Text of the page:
by Dennis Crouch
The new rules on inventor oaths make practical business sense, but they leave me somewhat pessimistic. Metaphysically, the rules serve to crystallize the the US patent system's shift in focus away from inventors and toward corporate owners (and other non-human juristic entities). Up to now, corporations were never considered patent applicants. Rather, inventors were the applicants. Even when the ultimate rights were owned by a corporate entity, the USPTO still focused on the inventors as the patent applicants. Under the new rules being implemented on September 16, 2012, the status of “patent applicant” will no longer be keyed to inventorship but instead ownership. Thus, any juristic entity who can show a proprietary interest will be permitted to file and prosecute a patent application as the patent applicant. Of course, this change makes a fool of the first-inventor-to-file label given to the new US priority system during the political debates. Rather, the system truly is the first-owner-to-file. However, the change does fit within the same mental construct as the shift to a first-to-file system that largely turns a blind eye to inventive activities and instead focuses on paperwork (the essence of a corporate entity). In recent years, we have seen a steady decrease in the percentage of inventor-owned patents. For better or worse, there is no reason to believe that trend will change any time soon.
On a practical level, the change to the oath requirement itself is fairly narrow and will not ordinarily arise. Under the new rules, the inventor will still ordinarily submit an oath or declaration of inventorship unless the inventors are unavailable or refuse. However, there are two major important changes: (1) a right-holding entity may file the patent application and wait to file the inventor's oath until the time that the application is otherwise in condition for allowance; and (2) defects in the listing of inventors can now (apparently) be corrected even if the original filing was done with deceptive intent. These changes relieve some headache for corporate patent attorneys. However, I believe that this streamlined process does increase the likelihood that unscrupulous entities will overreach.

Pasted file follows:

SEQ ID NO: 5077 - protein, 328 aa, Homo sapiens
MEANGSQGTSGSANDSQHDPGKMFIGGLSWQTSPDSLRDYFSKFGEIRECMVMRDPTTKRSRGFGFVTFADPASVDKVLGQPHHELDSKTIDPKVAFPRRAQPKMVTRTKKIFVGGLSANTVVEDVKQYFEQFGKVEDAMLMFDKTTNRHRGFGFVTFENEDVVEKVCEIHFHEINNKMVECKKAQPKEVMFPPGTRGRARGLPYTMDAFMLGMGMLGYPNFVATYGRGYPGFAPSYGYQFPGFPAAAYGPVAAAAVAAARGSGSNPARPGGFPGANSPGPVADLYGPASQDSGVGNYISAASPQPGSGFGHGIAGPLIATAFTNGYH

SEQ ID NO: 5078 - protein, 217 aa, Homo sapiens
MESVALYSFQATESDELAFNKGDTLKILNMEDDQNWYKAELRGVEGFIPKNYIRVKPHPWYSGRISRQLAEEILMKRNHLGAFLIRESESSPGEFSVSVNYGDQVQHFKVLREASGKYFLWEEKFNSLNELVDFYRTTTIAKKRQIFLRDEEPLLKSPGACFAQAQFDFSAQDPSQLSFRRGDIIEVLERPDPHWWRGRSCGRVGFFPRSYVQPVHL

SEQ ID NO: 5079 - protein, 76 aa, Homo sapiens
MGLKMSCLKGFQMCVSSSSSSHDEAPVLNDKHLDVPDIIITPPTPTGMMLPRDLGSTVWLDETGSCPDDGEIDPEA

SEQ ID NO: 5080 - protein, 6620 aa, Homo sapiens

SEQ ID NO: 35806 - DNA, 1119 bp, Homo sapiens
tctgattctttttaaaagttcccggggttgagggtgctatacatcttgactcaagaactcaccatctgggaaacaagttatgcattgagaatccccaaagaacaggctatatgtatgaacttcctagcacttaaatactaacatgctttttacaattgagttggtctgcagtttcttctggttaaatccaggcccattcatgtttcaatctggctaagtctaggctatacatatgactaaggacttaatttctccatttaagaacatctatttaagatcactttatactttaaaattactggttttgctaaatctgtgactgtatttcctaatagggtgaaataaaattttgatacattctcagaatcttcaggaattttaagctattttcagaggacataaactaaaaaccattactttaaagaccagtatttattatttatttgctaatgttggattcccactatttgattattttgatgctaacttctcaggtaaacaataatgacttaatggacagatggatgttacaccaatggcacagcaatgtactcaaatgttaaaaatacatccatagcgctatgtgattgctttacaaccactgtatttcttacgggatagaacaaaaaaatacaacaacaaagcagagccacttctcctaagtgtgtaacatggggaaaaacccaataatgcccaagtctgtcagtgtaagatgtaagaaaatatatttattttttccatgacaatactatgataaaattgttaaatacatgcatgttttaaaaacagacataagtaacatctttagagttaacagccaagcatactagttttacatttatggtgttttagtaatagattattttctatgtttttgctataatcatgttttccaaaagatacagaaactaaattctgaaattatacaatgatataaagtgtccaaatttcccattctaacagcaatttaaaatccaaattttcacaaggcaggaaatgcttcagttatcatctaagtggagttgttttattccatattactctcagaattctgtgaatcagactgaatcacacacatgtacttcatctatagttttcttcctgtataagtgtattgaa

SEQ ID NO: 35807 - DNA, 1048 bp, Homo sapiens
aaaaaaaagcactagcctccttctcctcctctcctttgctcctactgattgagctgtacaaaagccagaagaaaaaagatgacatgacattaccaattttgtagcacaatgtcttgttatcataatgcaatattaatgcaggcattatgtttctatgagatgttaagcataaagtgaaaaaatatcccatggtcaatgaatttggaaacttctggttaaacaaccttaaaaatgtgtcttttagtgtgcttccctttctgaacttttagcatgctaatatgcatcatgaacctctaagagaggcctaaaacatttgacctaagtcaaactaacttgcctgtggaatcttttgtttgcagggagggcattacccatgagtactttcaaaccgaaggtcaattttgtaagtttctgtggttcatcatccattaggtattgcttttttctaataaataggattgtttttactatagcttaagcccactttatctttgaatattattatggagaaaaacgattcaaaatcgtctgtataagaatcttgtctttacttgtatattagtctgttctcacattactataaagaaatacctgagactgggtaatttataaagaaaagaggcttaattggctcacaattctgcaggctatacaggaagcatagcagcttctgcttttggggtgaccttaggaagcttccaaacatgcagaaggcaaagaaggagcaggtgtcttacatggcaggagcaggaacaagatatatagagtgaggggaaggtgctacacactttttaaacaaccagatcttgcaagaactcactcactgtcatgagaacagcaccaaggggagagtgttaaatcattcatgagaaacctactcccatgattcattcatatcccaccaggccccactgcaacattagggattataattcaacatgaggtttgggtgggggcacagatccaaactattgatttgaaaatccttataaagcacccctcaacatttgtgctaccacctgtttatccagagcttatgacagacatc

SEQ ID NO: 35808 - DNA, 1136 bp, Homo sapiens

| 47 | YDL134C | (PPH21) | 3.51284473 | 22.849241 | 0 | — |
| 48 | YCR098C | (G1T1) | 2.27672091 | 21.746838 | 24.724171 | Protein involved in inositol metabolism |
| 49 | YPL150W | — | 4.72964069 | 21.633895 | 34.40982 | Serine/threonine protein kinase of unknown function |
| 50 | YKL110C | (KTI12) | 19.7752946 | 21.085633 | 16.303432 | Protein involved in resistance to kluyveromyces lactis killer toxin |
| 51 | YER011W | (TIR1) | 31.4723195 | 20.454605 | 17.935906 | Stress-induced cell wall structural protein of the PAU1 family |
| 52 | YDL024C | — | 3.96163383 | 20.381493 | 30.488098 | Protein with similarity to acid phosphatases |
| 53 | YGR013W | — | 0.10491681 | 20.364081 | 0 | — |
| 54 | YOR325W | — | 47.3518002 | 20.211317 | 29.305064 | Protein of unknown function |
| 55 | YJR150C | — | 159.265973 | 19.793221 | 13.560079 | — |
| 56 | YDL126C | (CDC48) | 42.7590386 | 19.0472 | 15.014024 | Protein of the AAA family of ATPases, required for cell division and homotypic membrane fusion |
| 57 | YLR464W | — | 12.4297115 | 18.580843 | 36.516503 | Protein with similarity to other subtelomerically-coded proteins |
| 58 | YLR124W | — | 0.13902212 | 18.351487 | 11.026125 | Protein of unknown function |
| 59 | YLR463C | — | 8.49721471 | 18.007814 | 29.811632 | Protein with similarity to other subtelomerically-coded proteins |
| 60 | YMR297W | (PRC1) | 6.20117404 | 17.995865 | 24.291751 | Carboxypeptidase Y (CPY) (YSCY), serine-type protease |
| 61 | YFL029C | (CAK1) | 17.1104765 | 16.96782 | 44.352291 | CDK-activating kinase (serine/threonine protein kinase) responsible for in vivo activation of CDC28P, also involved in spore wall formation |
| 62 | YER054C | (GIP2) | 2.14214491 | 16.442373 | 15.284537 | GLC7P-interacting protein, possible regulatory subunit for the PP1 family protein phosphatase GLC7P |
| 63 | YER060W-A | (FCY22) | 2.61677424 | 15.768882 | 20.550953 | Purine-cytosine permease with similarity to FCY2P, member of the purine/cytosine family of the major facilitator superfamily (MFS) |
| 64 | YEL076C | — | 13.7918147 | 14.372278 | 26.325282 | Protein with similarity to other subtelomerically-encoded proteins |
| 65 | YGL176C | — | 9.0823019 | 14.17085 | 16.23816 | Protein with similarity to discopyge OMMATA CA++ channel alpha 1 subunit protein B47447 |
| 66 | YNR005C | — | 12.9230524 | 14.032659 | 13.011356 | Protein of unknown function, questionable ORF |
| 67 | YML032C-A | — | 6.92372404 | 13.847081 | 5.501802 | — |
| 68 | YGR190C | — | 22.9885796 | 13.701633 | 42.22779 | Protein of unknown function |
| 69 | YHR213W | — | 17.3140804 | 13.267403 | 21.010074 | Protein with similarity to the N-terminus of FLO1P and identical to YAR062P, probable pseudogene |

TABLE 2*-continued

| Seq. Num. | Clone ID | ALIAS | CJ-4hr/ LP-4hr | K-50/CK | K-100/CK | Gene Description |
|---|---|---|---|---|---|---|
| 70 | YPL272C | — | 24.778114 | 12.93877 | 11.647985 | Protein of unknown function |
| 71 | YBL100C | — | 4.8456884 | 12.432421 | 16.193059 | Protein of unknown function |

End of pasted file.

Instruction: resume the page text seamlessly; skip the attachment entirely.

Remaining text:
One “cure” for this potential problem is that the Office will now require all juristic entities (non-people) prosecuting applications to do so via a registered patent practitioner. “Thus, all papers submitted on behalf of a juristic entity must be signed by a patent practitioner…” Obviously, this is a boon for US patent attorneys and patent agents. It will create some struggle for very small corporate entities that continue to file applications pro se. However, my understanding of the rules is that the requirement to use a patent attorney/agent only exists if the juristic entity files as the applicant. To avoid the requirement, the application could still be filed in the name of the actual inventors who retain the option of prosecuting the application pro se.